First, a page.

There are seemingly ever-increasing pitfalls for professionals acting as project managers or employer’s agents in construction projects. The courts are taking a hard line when it comes to professionals’ obligations to protect employers and as a result their roles are ever more unattractive.
Procuring an executed contract
In The Trustees of Ampleforth Abbey Trust v Turner & Townsend Management Ltd  EWHC 2137, the project manager allowed the works to proceed under a series of letters of intent. When the works were delayed the employer was unable to claim liquidated damages from the contractor because the letters of intent contained no liquidated damages provisions. Conversely the draft building contract (which was never entered into) provided for liquidated damages at a rate of £50,000 per week.
The employer settled its dispute with the contractor (with no liquidated damages being paid) but then pursued the project manager for its losses arising from achieving a less favourable settlement than it would have done had the building contract been in place.
The Technology and Construction Court (TCC) found that the project manager failed to exercise reasonable care and skill in managing the project due to its failure to procure an executed building contract, and ordered the project manager to pay the employer damages.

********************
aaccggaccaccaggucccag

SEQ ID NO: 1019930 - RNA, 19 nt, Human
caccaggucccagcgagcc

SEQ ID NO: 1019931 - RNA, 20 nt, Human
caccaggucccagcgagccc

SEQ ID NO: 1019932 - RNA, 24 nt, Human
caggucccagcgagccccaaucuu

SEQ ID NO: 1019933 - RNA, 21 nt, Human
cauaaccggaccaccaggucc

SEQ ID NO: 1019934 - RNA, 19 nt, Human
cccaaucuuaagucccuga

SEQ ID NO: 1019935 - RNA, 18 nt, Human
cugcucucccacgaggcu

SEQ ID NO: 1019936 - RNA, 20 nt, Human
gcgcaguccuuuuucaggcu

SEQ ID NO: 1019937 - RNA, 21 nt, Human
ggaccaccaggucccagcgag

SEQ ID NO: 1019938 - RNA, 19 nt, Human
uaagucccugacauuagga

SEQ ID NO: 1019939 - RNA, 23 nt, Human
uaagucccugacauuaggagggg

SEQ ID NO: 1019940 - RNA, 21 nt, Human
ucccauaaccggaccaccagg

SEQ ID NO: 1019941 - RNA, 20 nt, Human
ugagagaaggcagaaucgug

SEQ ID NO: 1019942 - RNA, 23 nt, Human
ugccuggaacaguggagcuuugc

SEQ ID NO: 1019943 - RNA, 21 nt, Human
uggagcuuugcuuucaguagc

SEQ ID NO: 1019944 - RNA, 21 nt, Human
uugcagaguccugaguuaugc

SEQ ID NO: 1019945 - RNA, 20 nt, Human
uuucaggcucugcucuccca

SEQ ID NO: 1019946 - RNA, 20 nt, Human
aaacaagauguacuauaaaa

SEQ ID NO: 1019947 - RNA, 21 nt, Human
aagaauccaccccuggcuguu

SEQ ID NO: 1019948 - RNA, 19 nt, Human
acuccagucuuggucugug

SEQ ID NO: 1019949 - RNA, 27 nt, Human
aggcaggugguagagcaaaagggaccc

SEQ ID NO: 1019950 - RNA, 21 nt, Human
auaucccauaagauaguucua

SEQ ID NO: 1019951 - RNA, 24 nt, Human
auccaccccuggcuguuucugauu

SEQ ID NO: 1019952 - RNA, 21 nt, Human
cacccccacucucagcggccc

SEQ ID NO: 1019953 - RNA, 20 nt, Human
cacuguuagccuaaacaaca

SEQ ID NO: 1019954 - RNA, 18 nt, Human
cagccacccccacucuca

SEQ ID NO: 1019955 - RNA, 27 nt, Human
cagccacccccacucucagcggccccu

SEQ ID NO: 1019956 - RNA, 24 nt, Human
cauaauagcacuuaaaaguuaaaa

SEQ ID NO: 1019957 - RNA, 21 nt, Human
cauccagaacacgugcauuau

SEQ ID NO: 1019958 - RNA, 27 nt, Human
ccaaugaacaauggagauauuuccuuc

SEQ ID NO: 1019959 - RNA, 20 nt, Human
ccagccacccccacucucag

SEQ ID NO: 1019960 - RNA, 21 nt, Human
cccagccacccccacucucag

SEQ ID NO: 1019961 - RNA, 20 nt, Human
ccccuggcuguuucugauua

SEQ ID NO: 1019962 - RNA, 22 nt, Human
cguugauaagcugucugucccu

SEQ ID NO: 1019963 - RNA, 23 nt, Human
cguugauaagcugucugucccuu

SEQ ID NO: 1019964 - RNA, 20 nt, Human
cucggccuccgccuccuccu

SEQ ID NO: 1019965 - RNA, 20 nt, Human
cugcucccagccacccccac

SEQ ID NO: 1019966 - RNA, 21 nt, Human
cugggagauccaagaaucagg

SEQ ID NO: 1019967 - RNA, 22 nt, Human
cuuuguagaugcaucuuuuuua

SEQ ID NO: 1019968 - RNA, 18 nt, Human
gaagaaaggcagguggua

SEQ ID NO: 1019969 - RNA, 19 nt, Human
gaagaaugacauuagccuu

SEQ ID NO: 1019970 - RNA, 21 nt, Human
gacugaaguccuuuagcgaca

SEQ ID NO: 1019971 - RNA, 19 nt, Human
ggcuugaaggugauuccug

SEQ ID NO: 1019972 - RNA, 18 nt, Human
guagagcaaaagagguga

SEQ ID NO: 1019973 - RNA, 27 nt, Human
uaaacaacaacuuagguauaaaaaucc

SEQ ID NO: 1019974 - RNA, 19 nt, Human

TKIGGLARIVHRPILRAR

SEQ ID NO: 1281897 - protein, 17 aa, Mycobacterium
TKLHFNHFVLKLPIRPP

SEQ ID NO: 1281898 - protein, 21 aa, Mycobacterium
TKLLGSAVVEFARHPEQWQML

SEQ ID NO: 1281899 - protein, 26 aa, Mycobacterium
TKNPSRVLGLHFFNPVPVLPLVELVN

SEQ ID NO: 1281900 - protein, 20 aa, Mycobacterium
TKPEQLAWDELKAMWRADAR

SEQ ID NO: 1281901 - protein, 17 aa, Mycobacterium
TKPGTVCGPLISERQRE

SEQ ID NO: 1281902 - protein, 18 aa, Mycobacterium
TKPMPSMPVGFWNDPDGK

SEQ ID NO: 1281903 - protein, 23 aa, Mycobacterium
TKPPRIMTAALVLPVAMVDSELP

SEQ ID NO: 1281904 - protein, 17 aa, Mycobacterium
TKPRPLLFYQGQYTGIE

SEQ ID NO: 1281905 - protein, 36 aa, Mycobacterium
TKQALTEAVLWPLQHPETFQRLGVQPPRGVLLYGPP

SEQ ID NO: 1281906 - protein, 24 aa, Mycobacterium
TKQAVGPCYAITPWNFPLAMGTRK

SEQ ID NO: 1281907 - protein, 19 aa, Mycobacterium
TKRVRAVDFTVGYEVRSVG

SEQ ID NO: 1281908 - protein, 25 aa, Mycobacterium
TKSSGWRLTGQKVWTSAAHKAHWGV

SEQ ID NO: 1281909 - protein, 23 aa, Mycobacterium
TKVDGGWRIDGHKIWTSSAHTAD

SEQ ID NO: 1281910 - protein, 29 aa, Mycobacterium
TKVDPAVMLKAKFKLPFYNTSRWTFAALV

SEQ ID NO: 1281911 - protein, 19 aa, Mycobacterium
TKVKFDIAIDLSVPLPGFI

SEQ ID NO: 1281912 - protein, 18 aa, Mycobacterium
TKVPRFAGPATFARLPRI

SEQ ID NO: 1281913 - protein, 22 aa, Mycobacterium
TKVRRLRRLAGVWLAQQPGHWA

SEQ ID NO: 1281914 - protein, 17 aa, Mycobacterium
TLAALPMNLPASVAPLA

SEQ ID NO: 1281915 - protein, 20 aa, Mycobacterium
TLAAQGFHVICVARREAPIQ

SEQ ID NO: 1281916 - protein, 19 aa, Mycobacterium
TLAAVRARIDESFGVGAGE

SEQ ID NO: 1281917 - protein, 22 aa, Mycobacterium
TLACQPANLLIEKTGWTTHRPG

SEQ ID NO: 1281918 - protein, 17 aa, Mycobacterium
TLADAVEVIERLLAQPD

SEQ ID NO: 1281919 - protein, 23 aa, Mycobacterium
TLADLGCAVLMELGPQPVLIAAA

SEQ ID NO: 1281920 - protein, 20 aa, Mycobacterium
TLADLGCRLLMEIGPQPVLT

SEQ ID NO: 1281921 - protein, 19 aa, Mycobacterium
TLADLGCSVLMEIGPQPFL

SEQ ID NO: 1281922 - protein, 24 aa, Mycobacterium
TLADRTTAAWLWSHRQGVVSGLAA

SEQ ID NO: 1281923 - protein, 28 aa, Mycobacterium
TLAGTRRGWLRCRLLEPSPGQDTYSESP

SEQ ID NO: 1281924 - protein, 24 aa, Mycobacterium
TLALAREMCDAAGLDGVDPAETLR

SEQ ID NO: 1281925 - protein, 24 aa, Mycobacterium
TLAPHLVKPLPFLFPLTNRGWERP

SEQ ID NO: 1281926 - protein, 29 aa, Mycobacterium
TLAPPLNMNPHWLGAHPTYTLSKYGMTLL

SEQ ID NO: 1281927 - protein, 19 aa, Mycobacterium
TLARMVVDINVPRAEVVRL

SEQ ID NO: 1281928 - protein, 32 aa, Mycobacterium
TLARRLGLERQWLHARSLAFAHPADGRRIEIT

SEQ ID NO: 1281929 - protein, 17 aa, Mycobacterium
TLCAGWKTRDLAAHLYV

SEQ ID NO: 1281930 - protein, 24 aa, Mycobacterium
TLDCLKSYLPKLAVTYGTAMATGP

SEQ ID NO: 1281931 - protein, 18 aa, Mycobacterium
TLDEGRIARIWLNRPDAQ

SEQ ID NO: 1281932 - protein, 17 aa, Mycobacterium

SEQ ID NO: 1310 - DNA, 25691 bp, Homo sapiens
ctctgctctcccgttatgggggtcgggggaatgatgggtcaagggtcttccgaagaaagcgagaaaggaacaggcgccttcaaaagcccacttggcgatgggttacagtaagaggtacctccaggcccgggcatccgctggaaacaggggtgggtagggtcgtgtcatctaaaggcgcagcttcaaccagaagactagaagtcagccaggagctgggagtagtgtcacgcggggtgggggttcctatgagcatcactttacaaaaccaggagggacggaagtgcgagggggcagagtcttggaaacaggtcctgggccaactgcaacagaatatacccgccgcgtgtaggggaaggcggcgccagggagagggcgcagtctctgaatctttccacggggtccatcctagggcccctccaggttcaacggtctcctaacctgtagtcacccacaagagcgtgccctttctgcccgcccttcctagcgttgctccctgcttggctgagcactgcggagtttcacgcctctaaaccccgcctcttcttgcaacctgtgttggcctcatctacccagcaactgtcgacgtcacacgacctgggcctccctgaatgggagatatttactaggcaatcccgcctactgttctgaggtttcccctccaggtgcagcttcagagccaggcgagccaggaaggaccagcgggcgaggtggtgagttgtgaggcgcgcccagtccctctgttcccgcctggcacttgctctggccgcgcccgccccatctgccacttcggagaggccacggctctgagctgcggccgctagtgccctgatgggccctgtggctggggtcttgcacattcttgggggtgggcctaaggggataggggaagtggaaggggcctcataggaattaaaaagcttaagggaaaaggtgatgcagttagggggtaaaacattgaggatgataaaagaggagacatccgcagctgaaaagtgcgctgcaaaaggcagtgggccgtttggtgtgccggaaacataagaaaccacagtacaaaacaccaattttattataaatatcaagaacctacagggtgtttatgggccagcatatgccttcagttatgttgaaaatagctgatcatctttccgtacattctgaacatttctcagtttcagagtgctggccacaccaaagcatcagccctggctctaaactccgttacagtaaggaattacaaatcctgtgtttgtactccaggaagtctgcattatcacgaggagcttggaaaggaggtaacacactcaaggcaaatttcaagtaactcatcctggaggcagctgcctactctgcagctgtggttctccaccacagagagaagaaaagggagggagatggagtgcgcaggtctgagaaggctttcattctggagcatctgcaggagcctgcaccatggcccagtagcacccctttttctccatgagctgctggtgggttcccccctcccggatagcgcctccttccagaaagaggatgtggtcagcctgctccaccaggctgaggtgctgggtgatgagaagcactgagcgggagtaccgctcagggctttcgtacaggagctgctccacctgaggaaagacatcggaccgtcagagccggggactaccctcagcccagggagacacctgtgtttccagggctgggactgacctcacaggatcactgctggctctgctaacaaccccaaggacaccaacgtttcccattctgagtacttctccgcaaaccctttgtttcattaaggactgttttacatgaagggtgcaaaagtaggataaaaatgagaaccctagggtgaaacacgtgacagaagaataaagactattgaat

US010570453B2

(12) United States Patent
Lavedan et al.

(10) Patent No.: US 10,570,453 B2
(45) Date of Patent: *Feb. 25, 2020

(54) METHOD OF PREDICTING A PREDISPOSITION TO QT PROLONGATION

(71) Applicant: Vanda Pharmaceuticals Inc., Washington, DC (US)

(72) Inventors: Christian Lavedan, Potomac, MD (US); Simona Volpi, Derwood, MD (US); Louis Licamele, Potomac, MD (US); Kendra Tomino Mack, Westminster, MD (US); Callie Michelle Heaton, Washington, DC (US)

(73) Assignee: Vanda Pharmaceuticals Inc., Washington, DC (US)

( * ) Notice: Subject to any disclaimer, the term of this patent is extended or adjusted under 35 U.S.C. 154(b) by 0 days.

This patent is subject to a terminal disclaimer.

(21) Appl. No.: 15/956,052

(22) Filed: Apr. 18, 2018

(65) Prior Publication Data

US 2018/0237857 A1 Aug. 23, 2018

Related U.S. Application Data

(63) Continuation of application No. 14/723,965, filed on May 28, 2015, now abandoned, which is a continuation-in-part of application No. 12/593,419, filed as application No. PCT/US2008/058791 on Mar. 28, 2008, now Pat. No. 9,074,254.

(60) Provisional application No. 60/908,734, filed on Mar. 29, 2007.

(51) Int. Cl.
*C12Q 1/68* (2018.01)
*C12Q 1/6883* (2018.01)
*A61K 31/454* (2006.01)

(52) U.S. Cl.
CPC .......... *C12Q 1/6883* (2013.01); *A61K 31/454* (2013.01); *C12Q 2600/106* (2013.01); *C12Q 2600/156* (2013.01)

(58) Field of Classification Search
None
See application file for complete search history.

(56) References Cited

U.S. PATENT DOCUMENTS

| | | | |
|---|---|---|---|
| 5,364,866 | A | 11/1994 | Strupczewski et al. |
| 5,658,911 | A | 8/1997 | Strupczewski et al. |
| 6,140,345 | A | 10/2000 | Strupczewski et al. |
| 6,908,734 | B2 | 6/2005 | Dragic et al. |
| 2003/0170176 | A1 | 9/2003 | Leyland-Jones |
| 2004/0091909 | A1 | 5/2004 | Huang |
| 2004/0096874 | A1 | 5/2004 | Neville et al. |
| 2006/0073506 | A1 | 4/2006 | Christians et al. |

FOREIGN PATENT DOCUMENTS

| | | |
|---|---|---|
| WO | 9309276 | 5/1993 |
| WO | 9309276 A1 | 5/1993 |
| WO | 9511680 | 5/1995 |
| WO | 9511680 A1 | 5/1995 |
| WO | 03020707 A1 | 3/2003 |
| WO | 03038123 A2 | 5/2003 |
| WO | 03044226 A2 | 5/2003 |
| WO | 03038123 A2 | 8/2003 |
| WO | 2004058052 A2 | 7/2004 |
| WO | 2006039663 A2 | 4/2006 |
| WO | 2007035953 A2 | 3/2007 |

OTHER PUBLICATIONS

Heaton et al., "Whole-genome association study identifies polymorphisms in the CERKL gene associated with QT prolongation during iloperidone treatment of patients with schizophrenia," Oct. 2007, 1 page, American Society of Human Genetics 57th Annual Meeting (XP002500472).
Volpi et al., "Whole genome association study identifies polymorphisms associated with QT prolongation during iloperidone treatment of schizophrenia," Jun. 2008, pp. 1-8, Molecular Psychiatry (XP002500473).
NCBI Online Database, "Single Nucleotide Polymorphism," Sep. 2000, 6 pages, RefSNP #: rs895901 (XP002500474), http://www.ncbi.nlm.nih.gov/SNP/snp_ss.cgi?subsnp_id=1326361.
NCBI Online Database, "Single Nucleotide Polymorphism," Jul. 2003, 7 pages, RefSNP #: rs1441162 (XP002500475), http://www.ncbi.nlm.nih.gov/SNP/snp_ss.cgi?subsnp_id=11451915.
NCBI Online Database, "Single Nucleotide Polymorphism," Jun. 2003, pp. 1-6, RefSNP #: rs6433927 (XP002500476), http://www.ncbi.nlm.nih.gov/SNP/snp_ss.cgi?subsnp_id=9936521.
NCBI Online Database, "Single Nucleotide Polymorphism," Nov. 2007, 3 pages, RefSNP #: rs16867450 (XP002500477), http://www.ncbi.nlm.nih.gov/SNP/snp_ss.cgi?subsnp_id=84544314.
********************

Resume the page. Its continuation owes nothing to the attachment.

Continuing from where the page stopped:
Limitations on liability
Interestingly in the Ampleforth case, the TCC also found that the project manager could not rely on a liability cap in its professional appointment because that provision offended the Unfair Contract Terms Act 1977, which provides that a person cannot by reference to any contract term exclude or restrict his liability for negligence except in so far as the term satisfies the requirement of reasonableness.
The project manager’s appointment stated:
“Liability for any negligent failure by Us [the project manager] to carry out Our duties under these Terms shall be limited to such liability as is covered by Our Professional Indemnity Insurance Policy terms ... and in no event shall Our liability exceed the fees paid to Us or £1m whichever is the less.”
The fees paid to the project manager were £111,000, and the project manager sought to limit its liability to that amount.